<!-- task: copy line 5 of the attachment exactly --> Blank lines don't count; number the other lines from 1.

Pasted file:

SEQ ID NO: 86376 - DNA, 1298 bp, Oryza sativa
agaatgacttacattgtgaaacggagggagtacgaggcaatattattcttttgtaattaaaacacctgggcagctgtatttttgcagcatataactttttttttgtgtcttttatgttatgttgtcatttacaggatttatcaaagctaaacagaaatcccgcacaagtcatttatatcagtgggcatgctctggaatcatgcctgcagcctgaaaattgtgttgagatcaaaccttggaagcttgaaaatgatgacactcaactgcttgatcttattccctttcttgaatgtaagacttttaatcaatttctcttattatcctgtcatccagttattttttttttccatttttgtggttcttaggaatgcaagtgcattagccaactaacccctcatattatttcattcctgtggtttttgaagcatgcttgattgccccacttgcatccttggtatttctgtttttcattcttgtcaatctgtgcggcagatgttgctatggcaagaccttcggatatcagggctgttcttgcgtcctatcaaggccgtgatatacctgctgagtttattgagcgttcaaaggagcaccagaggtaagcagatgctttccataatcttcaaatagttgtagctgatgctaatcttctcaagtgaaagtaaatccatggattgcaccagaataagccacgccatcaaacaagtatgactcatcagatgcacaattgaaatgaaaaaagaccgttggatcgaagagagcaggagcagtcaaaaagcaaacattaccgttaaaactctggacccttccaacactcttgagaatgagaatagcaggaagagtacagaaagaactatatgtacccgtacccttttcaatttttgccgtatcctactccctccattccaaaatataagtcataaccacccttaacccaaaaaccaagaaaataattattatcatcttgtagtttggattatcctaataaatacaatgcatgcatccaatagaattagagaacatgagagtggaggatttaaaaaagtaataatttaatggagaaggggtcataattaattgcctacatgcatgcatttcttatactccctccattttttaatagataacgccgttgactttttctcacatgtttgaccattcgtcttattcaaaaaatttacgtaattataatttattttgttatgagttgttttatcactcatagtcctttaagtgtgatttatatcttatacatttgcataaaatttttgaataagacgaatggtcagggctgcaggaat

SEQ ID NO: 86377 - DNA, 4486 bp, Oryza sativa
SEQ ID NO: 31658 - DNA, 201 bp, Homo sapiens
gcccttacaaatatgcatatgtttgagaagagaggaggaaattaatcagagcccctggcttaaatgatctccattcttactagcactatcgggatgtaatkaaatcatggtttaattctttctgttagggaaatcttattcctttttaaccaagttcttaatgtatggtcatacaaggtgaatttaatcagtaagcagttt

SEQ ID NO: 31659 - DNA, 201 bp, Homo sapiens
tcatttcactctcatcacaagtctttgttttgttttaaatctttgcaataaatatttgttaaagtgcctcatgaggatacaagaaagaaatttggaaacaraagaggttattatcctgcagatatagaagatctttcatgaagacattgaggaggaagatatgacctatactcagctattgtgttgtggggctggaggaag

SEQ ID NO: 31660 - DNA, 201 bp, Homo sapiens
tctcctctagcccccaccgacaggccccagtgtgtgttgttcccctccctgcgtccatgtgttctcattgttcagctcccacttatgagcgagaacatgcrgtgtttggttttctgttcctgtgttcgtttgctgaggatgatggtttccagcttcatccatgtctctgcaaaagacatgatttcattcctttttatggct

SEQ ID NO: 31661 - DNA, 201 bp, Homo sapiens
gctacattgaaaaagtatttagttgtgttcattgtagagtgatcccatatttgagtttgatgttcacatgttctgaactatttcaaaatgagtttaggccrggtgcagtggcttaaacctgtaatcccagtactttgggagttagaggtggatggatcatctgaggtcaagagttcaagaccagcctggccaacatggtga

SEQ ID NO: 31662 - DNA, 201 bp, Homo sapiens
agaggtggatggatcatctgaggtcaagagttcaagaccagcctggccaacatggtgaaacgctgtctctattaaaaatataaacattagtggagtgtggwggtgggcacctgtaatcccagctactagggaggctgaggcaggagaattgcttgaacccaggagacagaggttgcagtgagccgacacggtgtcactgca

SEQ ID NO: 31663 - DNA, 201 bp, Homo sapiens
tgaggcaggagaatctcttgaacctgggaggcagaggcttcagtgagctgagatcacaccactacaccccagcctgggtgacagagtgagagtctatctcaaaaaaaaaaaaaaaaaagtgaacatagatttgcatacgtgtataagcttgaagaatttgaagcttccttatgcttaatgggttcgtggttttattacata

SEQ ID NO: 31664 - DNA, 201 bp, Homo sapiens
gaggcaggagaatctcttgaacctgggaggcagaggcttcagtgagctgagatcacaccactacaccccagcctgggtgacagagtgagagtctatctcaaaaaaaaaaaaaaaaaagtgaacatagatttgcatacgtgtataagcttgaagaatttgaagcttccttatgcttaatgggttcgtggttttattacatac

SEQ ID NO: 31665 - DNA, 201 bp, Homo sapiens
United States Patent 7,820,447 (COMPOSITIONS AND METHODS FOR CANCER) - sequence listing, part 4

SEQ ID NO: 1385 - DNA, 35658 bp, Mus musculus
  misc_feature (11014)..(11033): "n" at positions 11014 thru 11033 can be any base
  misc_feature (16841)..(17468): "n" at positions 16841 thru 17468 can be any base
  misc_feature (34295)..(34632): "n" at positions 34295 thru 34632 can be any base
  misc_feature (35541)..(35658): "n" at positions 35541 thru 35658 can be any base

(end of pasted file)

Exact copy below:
gcccttacaaatatgcatatgtttgagaagagaggaggaaattaatcagagcccctggcttaaatgatctccattcttactagcactatcgggatgtaatkaaatcatggtttaattctttctgttagggaaatcttattcctttttaaccaagttcttaatgtatggtcatacaaggtgaatttaatcagtaagcagttt